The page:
Kyrie Irving, LeBron James and Kevin Love combined for 89 points to lead the Cavaliers to a 117-111 win over the Pacers in Game 2.

CLEVELAND – Sitting at the postgame podium, flanked by no one, Paul George was at a loss for words.

He searched for ways to describe what the Cleveland Cavaliers’ Big 3 had just done to his Indiana Pacers.

“We’re doing a terrible job of getting back and guarding people,” George said. “If we had the answers we’d probably be up in this series right now.”

While George lamented the Pacers’ defensive efforts, the Cavs’ Big 3 relished their role in creating this predicament for their opponent.

LeBron James (25 points), Kyrie Irving (37) and Kevin Love (27) combined for 89 points as the Cavs took Game 2 on Monday night. It’s the first time in Cavs history that three players had at least 25 points in a playoff game, and though the Pacers clawed their way back to within four with under a minute left, the 117-111 final margin never felt like it was in serious jeopardy.

James softened up the defense on drives, Irving kept Pacers point guard Jeff Teague on skates and Love buried nearly every shot he took. His 27 points came on seven total shots from the field. He hit all 12 of his free throws, knocked down three-of-four three-pointers, snagged 11 rebounds and took one massive charge that seemed to galvanize the Cavs in the third quarter.

“It’s huge because you see your brother sacrificing his body,” James said of the charge Love drew on 6-10, 280-pound Kevin Seraphin. That charge, one of four that Love tried to draw throughout the game, came amid a run of 10 consecutive points from Love as the Cavs stretched their lead to 89-70. Earlier in the game Love had taken a forearm to the face, the result of George trying to use Love as a launch pad. He said those plays were trying infuse an attitude in his team.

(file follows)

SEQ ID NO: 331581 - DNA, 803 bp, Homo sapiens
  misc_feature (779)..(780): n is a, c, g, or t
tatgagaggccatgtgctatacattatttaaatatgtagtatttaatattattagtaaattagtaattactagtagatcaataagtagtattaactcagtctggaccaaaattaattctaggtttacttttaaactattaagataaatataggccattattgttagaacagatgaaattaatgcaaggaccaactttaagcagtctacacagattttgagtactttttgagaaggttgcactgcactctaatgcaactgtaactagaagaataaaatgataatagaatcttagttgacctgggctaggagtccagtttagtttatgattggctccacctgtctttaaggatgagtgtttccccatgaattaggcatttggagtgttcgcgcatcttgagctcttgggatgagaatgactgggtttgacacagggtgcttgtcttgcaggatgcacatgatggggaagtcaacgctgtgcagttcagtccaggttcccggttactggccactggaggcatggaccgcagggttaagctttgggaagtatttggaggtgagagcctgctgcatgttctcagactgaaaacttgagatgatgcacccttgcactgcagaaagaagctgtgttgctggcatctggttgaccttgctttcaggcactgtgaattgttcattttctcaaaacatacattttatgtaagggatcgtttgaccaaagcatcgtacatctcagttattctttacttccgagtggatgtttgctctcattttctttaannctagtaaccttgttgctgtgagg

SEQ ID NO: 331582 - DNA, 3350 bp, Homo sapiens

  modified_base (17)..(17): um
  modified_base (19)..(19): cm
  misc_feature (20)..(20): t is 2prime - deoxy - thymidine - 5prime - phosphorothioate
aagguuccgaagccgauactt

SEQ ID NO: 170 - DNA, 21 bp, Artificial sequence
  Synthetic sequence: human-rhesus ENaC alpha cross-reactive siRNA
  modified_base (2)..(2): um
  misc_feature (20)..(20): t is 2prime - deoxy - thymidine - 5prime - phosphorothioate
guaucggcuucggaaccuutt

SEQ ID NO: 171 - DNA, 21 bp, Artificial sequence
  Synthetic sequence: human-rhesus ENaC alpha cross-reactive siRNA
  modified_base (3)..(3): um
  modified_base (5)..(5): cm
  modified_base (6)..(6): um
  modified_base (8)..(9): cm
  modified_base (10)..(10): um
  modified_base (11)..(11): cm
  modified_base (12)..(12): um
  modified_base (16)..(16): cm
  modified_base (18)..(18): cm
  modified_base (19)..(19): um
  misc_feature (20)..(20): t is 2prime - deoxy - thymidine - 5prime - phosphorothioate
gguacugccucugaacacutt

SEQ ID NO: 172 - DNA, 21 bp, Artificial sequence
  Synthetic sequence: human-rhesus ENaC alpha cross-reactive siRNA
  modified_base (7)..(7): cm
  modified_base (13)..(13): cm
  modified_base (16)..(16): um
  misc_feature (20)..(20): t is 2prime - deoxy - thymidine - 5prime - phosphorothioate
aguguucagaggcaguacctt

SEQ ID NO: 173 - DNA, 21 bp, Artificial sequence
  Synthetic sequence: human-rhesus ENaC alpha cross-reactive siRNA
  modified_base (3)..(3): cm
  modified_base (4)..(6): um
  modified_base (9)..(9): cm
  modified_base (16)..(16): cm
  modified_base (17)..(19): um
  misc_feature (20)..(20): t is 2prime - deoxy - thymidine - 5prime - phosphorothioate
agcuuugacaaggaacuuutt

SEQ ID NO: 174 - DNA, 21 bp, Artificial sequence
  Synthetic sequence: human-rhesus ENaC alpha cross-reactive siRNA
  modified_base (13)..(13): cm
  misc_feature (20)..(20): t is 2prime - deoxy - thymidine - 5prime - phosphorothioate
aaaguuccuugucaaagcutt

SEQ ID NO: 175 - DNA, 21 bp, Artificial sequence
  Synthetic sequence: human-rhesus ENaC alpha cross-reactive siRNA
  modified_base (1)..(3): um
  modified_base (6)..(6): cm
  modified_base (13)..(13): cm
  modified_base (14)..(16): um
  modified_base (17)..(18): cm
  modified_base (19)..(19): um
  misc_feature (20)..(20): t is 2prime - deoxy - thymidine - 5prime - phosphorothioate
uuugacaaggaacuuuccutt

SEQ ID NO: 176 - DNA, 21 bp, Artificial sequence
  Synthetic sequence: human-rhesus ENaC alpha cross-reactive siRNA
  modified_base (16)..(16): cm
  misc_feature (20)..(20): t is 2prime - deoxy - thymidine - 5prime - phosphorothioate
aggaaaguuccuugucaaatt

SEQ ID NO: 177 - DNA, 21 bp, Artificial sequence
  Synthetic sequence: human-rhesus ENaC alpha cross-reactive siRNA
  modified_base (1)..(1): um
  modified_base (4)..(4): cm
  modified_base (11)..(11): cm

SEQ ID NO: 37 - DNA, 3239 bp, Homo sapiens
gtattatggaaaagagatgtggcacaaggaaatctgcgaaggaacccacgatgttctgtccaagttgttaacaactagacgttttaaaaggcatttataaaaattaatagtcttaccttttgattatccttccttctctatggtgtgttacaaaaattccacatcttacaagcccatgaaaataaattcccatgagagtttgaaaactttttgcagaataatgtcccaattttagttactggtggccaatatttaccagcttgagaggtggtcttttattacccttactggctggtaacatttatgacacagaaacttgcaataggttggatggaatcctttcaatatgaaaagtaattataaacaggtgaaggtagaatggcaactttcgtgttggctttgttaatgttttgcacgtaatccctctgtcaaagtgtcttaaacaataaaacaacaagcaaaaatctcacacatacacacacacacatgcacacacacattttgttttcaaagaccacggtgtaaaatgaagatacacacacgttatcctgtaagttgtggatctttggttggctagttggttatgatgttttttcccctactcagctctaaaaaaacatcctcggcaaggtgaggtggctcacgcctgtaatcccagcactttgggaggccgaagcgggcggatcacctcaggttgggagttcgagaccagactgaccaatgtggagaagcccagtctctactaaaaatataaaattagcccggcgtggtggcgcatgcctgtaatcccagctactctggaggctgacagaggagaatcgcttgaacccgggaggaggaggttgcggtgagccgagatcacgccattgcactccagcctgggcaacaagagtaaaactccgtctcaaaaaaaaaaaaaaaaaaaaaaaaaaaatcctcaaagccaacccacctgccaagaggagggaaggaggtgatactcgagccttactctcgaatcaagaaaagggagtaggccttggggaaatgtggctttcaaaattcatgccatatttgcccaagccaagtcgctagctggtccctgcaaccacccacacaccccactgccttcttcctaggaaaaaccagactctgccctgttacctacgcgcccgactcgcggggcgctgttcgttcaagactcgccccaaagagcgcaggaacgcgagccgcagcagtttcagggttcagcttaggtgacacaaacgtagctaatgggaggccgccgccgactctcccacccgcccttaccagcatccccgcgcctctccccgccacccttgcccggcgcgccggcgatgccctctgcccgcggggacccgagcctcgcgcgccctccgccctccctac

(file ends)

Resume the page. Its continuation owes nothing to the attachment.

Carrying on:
“Whether it got called or not, I feel like it’s setting the tone for the rest of the team, and more than anything it being a selfless act and giving your body, hoping it goes the right way,” Love said. “I try to look up and see the play after it happens because then I try to get the crowd involved and get a reaction.”

There were plenty of moments from James and Irving that stirred the crowd into a frenzy. LeBron had a soaring, one-handed jam off a breakaway in the first half and then exposed a Pacers’ defensive miscommunication for another, the latter a powerful two-handed statement.

James’ final tally – 10 rebounds, seven assists, four steals, four blocks and eight turnovers, to go along with his 25 points – was his 89th double-double of his storied postseason career. It was also the first time in his career, regular season or playoffs, that he ever logged four steals and four blocks in the same game.

Irving’s seminal moment came at the end of the third quarter. Lance Stephenson tripped on a teammate’s foot during one of Irving’s patented crossover, but the effect was such that the crowd thought Irving had made him fall. On the next possession, Irving drained a 25-foot three-pointer then jawed with Stephenson in a colorful exchange. That capped a 33-20 third quarter where the Cavs had dazzled on the offensive end, engaged on the defensive end and rattled the Pacers’ psyche.

“I thought in the third quarter we just lost our composure,” said Pacers coach Nate McMillan. “I thought we started to get frantic out there. When they made a run offensively, we tried to get it back ourselves, but we just lost our poise.”

At its core, that’s what a devastating offense does to a team. At one point in the second quarter, before Irving seized control of the game and Love went on his personal run, James was playing conductor. Two of his three assists in the quarter led to three-pointers, and the Cavs, as a team, were shooting 60% from three-point line, nine-for-15 from deep. But the Pacers were down just five going into halftime.

The Cavs have their warts, and they’re mostly on the defensive end. Still, it’s doubtful there will be any serious consequences, at least not until the next round. The Cavs allowed 51% shooting and yielded 24 points on 19 turnovers. Only an offensive firestorm can overcome those sorts of pitfalls.

James essentially served notice to the rest of the East after Monday’s win. He wasn’t concerned that the Cavs nearly spoiled another double-digit lead.

“No, because we’re right there. We’re right there (near) what we know we can become and we’ll figure it out. We’re right there on turning the switch on what we really can become,” James said. “We’re playing some really, really good basketball.”

Follow Michael Singer on Twitter @MSinger


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